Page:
There are currently a few different choices of Open edX development environment, each with its own pros and cons:
Tutor is the option recommended by Axim for most Open edX developers, but doesn’t yet satisfy the unique needs of most developers at 2U (developing on master in a wide range of services).
Devstack, the previously recommended Open edX development environment, is still widely used at 2U and other companies despite fairly strict hardware requirements and an assortment of yet-unresolved pain points.
Hosted Devstack is a deployment of devstack on an EC2 instance, used by a growing subset of 2U developers to work around hardware limitations and difficulty in maintaining a local development environment. It is currently only usable by 2U employees and contractors, and inherits several of devstack’s limitations.
Common to all current environment options:
Data provisioning - Loading of data almost always needed for common development tasks is slow and prone to frequent breakage, and the data set is inadequate for many tasks.
Configuration - Each service is configured through a combination of Django settings files, YAML files, and environment variables. The whole is hard to understand, and breakage due to misconfiguration is common.
Legacy static assets - Some of the older services (especially edx-platform and credentials) include large amounts of legacy UI code whose configuration is entangled with that of the backend code. The build process for these UI assets is slow, complex, prone to breakage, and must be repeated often for installations and configuration changes.
Local Devstack & Tutor:
No Windows support - Attempts have been made in the past to get a local devstack installation working on Windows, but none have fully succeeded. Hosted devstack and remote Tutor installations are currently the only viable options on this platform.
Docker Dekstop licensing (macOS) - The currently recommended Docker installation for macOS, Docker Desktop, is proprietary software which requires license fees under certain conditions which are frankly hard to understand for most developers. New developers are routinely tripped up trying to figure out if it’s actually OK for them to install it or not.
No ARM CPU support - The current Docker images for devstack are x86-only; they can be used on developer machines (like recent Macs) with ARM CPUs, but the performance is fairly poor.
Cost - Maintaining a hosted devstack installation costs money, and more than it should because we haven’t been able to fine tune the instance sizes, idling behavior, etc. as effectively as other publicly available cloud environment management tools can do.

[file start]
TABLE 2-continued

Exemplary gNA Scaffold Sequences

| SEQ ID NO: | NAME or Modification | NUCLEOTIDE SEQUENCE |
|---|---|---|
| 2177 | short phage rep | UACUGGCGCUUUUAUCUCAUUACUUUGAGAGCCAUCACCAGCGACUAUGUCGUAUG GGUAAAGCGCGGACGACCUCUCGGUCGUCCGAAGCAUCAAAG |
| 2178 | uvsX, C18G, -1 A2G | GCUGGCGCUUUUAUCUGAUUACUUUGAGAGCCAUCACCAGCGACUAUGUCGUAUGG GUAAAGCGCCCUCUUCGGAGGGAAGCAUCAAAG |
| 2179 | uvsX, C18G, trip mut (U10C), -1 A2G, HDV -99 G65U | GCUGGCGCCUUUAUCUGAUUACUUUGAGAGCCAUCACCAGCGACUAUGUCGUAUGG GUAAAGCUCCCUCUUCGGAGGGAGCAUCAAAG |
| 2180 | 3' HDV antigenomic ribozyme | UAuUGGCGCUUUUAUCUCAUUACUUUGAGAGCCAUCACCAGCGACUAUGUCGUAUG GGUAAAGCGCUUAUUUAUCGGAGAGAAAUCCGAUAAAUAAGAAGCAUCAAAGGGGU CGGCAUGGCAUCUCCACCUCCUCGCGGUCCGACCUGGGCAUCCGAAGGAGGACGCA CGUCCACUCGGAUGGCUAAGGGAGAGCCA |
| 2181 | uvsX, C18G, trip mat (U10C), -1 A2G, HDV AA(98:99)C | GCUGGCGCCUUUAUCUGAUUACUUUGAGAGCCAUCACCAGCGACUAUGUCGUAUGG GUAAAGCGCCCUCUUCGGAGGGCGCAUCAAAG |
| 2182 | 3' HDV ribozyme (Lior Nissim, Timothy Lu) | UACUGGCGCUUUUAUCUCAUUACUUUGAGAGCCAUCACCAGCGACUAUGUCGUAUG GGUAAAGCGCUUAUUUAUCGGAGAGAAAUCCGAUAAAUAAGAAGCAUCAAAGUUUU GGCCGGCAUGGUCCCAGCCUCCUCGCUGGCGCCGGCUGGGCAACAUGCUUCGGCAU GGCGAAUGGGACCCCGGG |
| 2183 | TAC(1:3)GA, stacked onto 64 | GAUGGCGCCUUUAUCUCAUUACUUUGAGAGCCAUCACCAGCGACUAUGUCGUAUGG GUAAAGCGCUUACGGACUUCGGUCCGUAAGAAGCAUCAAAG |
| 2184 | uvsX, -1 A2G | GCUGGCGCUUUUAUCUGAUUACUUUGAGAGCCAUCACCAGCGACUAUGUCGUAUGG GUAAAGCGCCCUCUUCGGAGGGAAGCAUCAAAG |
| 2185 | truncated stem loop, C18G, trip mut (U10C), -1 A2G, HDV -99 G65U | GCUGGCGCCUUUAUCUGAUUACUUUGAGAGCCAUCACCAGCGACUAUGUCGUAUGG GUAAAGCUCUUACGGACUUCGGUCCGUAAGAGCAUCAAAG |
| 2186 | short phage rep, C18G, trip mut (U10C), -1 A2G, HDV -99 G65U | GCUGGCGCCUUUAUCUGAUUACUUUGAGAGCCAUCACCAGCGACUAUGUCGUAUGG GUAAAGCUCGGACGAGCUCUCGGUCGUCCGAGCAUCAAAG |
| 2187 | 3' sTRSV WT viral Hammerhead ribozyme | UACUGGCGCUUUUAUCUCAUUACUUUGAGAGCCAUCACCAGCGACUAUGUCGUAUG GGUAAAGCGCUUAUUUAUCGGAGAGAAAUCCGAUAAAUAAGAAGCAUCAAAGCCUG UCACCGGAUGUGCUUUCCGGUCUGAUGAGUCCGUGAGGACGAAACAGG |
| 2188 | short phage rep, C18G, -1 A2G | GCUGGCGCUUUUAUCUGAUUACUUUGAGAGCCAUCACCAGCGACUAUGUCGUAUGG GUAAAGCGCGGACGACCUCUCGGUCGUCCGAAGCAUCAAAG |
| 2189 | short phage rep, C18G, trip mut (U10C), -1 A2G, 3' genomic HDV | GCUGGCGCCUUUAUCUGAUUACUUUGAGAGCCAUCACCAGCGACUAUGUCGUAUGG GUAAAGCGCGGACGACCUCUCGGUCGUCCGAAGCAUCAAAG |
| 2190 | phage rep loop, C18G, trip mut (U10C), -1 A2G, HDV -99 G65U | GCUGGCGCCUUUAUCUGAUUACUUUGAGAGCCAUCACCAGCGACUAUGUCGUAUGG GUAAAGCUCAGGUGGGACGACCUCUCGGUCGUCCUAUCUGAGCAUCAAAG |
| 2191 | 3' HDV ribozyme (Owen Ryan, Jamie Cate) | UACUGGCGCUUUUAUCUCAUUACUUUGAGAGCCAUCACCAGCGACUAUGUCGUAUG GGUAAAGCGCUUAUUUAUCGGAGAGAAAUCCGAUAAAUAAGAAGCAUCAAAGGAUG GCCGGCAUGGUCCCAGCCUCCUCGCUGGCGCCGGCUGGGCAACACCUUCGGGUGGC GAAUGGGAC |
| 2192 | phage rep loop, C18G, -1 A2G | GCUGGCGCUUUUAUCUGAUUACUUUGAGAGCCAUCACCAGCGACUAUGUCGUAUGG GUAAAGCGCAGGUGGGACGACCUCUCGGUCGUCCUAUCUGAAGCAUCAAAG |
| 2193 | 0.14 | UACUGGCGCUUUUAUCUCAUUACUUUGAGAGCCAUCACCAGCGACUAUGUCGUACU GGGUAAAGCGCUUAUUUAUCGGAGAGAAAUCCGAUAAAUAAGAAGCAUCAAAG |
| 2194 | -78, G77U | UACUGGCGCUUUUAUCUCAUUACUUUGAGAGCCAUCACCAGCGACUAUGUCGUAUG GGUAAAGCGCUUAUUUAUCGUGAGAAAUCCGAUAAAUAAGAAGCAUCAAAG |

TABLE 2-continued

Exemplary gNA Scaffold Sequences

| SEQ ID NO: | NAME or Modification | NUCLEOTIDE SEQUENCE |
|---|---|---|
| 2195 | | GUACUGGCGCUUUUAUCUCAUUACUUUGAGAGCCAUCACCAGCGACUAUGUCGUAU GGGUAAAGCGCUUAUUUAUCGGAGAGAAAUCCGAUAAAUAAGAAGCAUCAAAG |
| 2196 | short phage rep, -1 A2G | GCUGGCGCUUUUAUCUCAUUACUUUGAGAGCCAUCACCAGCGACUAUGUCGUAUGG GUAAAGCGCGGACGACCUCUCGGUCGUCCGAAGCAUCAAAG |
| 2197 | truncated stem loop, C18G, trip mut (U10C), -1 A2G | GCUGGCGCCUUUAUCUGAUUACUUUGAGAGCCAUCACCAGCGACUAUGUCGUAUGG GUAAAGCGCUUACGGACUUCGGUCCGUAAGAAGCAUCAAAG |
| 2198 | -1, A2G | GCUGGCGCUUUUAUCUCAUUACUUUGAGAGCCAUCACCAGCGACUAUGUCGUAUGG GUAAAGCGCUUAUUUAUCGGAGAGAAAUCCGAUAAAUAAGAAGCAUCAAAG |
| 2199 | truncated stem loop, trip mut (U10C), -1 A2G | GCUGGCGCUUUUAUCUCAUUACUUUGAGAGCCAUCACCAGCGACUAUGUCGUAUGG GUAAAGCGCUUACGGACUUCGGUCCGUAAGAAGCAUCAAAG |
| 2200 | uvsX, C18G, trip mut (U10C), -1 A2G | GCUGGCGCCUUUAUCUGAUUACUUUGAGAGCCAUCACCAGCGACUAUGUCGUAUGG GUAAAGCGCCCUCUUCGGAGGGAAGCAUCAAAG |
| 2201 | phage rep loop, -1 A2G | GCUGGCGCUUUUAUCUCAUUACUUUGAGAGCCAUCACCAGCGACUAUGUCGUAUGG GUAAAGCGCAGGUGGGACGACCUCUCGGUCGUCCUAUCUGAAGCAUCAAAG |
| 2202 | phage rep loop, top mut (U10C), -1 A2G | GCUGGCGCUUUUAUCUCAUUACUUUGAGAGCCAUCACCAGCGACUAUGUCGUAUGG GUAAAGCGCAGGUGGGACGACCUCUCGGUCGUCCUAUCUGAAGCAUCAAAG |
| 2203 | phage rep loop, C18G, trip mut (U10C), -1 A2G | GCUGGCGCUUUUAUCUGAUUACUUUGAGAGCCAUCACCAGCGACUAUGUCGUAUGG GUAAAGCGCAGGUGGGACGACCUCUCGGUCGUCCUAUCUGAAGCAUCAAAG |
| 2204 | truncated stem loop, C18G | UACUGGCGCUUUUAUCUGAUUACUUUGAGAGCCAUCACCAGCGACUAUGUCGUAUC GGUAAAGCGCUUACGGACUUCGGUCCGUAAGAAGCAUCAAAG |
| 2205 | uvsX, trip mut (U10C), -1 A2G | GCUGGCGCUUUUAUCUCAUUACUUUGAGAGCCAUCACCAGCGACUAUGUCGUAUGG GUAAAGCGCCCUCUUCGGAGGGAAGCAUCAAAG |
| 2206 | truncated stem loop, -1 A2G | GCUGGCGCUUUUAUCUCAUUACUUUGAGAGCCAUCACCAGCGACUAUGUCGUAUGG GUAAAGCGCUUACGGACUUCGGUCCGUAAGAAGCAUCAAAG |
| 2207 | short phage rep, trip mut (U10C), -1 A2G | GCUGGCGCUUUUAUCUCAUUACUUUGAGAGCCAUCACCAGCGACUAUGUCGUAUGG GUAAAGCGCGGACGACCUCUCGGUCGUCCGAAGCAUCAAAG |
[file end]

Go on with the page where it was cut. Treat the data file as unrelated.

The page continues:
Only 2U staff - As it was designed to run in 2U’s cloud computing infrastructure, only 2U employees and contractors are currently allowed to create hosted devstack environments.
Complex setup - Figuring out how to first create a hosted devstack environment is difficult, even when following detailed instructions.
Limited set of services - Tutor includes the services most commonly needed for small installations of Open edX and the option to add a few more, but there are several services actively used by 2U and other large installations which aren’t yet supported at all.
Work is in progress to address many of the pain points above, here are some of the most notable ones:
Ansible-free Devstack images (complete, Arbi-BOM) - The use of Ansible made the devstack images very complex and significantly larger than necessary, and ultimately served as a blocker to ARM CPU support. This was a significant driver in Tutor’s creation and adoption, but the images are now finally generated from simpler Dockerfiles in each service’s repository.
ARM Devstack images (in progress, Arbi-BOM) - With Ansible usage now eliminated, this is a much simpler task and may be complete sometime in early June 2023.
Resolution of Devstack’s most pressing bugs & warts (in progress, Arch-BOM) - Arch-BOM is reaching out to people who are known or suspected to have had trouble installing or using devstack recently, identifying and resolving the issues most responsible for preventing people from getting their work done quickly.
edx-platform static asset build simplification (in progress, Axim) - Steady progress is being made on trimming down the number of layers of complexity in this process which is needed for most development environment installations (and many code changes in our largest service).
Better caching in Tutor builds (in progress, Edly & Axim) - Significant progress has been made on using different forms of caching and Docker image build optimization in Tutor to reduce the duration of data provisioning, static asset (re)generation, etc. Further such improvements are in progress.
Legacy UI conversion to MFEs (in progress, several teams) - Intensifying pain in maintaining our legacy UI code has prompted an acceleration in effort to completely replace that code with micro-frontends implemented in a much newer (and easier to maintain) technology stack. It’s a big project, but solid incremental progress is being made.
Hosted devstack cost optimization (in progress, SRE) - 2U SRE is in the process of optimizing the hosted devstack EC2 instance types, etc. to reduce the usage cost as much as practical without significantly impairing their usability.
Hosted devstack Slack launcher (starting soon, Enterprise and SRE) - Streamline the process of launching a new hosted devstack environment via a Slack bot.
OEP-37: Dev Data (designed, implementation starting soon, Arch-BOM) - This project is intended to dramatically improve the volume, reliability, and performance of our development/test data, and make it largely independent of the chosen development environment.
Docker Desktop substitute (planned, Arch-BOM) - There are a few viable substitutes for Docker Desktop with better licensing and/or performance. We are likely to update our guidance on recommended Docker installation for macOS by the end of 2023.